Fintech industry has big role in addressing sustainability, inclusion and climate change

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Ajay Banga, president of World Bank, spoke about financial inclusivity in a fireside chat with Ravi Menon, managing director of Monetary Authority of Singapore.

There is a need for a comprehensive strategy to holistically address existential challenges stemming from the pandemic, climate change, poverty, and gender bias, said Ajay Banga, president of the World Bank.

In a compelling fireside chat at the Singapore Fintech Festival (SFF), he emphasised the imperative role of the private sector which can bring its financial resources, talent, and ingenuity to address these challenges. Merely relying solely on the public sector and governments is insufficient to solve the existential issues are insufficient, he said. 

Banga was sharing his insights with Ravi Menon, managing director of the Monetary Authority of Singapore, where he shed light on the World Bank’s perspectives on tackling sustainability, inclusion and climate change challenges.

Addressing the issue of gender bias, Banga asserted that empowering women is crucial for global productivity and economic growth, stressing the importance of creating equal opportunities for women in the workforce.

Yang Peng, president of Ant International had also put forward similar arguments. At a panel discussion on financial services for the next billion consumers, he proposed that policymakers focus on transforming the financial system and fostering the development of new technologies to promote inclusive development.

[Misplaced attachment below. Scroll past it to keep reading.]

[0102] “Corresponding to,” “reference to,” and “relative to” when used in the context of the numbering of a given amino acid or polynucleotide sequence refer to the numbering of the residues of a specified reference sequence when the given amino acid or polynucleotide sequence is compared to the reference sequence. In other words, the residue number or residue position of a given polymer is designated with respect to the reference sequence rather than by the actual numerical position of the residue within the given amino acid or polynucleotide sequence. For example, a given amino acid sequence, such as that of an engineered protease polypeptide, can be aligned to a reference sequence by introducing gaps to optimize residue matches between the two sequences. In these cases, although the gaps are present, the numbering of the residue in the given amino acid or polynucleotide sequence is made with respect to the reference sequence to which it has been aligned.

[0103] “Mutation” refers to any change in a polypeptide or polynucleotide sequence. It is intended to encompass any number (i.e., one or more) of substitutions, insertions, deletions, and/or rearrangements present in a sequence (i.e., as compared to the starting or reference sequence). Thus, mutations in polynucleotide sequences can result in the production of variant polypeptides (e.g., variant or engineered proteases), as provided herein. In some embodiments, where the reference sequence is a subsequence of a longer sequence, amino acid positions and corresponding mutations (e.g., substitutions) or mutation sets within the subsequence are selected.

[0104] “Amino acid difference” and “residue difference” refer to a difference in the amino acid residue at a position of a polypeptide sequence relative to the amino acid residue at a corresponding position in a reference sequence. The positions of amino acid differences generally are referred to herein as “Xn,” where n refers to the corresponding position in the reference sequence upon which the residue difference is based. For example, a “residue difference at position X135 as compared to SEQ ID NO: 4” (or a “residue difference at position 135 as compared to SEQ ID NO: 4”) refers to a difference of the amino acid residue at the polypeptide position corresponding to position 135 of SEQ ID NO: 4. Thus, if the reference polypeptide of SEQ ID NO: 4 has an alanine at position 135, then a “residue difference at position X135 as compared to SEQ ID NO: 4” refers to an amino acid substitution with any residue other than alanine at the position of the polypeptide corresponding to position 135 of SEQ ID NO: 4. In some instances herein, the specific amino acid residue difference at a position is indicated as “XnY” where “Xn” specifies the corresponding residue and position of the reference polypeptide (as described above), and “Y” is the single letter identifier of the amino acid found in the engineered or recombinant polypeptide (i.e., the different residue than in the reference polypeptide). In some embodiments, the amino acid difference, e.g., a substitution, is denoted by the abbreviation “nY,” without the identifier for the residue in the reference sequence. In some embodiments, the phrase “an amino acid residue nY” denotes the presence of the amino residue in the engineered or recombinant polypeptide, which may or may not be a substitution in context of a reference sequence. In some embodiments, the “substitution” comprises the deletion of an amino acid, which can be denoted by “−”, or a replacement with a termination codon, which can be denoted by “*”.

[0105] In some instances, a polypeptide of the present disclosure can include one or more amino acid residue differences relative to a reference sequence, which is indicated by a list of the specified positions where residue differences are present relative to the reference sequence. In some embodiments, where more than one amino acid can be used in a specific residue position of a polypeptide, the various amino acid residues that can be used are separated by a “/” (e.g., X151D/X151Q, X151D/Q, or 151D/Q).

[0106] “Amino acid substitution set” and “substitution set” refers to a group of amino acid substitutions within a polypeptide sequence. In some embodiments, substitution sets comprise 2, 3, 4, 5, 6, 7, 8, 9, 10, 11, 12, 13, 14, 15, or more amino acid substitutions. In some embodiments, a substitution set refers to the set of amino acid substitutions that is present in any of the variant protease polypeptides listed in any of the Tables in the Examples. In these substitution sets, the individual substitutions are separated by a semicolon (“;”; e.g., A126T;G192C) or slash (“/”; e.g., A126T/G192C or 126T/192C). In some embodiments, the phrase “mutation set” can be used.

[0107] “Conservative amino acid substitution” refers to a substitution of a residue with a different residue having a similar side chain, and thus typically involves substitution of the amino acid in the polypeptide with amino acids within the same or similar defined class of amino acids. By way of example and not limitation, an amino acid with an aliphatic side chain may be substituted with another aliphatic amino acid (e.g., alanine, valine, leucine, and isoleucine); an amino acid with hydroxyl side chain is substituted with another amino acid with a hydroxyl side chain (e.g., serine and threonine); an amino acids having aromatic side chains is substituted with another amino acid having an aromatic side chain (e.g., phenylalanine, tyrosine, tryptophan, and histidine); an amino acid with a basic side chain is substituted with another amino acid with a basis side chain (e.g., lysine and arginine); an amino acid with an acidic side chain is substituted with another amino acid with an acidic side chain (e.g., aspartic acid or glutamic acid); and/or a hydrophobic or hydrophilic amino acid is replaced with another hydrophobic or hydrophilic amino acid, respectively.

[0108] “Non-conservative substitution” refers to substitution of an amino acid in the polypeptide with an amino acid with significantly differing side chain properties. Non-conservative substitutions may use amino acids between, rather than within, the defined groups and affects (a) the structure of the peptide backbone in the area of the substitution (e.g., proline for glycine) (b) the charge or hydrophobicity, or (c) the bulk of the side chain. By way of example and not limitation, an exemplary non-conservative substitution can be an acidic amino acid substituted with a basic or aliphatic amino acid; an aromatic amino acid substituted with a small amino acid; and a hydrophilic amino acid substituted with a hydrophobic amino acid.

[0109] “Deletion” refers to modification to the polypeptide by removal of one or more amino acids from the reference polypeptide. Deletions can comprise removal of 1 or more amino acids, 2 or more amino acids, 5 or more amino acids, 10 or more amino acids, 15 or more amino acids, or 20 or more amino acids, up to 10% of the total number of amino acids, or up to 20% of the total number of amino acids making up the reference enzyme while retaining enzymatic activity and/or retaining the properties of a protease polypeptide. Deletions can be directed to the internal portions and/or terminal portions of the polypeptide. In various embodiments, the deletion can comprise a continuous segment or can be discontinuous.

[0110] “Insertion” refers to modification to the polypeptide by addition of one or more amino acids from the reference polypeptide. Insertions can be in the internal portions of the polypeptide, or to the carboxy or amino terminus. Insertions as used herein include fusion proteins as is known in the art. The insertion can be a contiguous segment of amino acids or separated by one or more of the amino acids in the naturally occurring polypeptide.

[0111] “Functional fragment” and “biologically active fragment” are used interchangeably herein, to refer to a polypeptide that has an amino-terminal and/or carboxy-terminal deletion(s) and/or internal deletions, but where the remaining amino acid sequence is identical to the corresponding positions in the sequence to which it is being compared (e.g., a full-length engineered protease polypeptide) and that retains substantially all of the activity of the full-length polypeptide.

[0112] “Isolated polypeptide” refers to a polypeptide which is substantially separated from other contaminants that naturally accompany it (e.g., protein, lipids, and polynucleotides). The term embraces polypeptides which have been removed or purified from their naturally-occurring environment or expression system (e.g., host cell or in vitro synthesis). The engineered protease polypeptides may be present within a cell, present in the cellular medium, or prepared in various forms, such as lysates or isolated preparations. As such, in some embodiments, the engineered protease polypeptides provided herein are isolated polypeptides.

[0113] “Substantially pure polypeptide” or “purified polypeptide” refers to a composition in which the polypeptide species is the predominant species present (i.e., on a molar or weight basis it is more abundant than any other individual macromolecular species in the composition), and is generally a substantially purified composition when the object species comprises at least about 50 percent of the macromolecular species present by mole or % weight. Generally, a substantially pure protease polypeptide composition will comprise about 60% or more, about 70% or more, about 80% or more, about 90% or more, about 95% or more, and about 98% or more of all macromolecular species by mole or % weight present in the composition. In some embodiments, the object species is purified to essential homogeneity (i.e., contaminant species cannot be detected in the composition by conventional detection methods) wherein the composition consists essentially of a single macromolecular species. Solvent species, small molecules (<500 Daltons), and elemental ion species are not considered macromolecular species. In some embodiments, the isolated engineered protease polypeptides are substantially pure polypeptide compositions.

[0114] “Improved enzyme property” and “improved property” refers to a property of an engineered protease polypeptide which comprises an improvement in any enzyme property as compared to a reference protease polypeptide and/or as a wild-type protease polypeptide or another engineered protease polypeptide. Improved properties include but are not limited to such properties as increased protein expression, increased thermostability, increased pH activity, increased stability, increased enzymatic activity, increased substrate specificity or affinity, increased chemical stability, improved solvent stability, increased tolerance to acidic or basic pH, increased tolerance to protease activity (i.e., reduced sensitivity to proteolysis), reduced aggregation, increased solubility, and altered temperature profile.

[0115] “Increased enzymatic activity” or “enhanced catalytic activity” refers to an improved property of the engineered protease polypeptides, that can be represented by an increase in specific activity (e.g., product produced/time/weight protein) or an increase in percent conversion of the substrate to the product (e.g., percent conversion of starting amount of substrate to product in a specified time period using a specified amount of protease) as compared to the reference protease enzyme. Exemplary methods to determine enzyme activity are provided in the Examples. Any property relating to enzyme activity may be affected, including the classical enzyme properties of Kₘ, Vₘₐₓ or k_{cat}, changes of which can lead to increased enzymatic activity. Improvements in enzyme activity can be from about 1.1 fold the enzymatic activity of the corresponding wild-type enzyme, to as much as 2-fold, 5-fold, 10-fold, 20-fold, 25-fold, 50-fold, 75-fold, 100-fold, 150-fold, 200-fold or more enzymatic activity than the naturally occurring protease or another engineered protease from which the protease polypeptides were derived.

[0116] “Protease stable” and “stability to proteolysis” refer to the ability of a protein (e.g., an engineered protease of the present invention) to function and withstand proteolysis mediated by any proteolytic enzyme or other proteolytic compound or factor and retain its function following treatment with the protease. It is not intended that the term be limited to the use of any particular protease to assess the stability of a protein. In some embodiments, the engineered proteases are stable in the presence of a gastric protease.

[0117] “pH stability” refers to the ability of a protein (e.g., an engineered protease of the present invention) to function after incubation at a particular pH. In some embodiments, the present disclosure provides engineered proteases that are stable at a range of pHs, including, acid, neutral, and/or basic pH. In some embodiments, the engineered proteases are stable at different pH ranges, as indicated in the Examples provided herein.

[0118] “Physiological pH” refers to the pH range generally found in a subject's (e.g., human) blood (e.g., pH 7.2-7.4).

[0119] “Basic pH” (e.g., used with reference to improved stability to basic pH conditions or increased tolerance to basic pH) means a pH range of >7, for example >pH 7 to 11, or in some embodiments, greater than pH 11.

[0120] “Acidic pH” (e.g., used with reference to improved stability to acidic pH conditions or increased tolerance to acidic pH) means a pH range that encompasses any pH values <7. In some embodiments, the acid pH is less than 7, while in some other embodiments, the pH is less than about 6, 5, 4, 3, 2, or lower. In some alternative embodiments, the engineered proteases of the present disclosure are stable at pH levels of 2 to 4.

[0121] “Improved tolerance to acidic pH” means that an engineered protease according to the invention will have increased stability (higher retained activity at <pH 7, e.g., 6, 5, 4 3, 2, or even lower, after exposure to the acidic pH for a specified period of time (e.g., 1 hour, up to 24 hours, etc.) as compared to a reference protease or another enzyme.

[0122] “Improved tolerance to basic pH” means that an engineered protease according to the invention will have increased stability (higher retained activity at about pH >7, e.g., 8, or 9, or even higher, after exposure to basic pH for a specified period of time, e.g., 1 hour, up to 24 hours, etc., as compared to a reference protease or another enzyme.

Elaborating, Peng pointed the potential of open banking projects, highlighting the success of the Brazilian initiative called Pix. Launched in 2020, Pix runs 160 million instant payment transactions a day, at almost zero cost to banks. As a convenient cashless payment system, Pix also supports financial inclusion. According to the International Monetary Fund, Pix facilitated transactions of 71.5 million individuals as at December 2022, who had not made any electronic credit transfers over a one-year period prior to its launch. 

“I believe such inclusive infrastructure like open banking and national QR schemes will connect the dots in a new financial landscape,” he said. It opens golden opportunities for the financial services industry to provide services to small- and medium-sized enterprises (SMEs) and underprivileged communities who want to participate for the first time in digital payments and digital commerce. 

Yang Peng, president Ant International proposed
the development of new technologies to promote inclusive development.

Peng also expressed optimism about the transformative impact of new technologies, including artificial intelligence (AI), privacy computing, and large language models (LLMs), in driving financial inclusion.

He predicted that these advancements would replace traditional technologies, such as electronic wallets and payment systems which in turn could accelerate cross-border collaboration for digital payment systems.

“With privacy computing, all parties can pool data and information to create greater broader-based growth without sacrificing privacy and protection,” Peng added.

Fintech Festival driving inclusivity and innovation 

Discussions on inclusivity, sustainability and innovation in the financial sector were at the heart of the Fintech Festival.  In its eighth year, it attracted 62,000 attendees. More than 800 speakers, including global financial leaders, policymakers, investors, technologists, and entrepreneurs, shared their insights during the three-day event that concluded on Nov 17.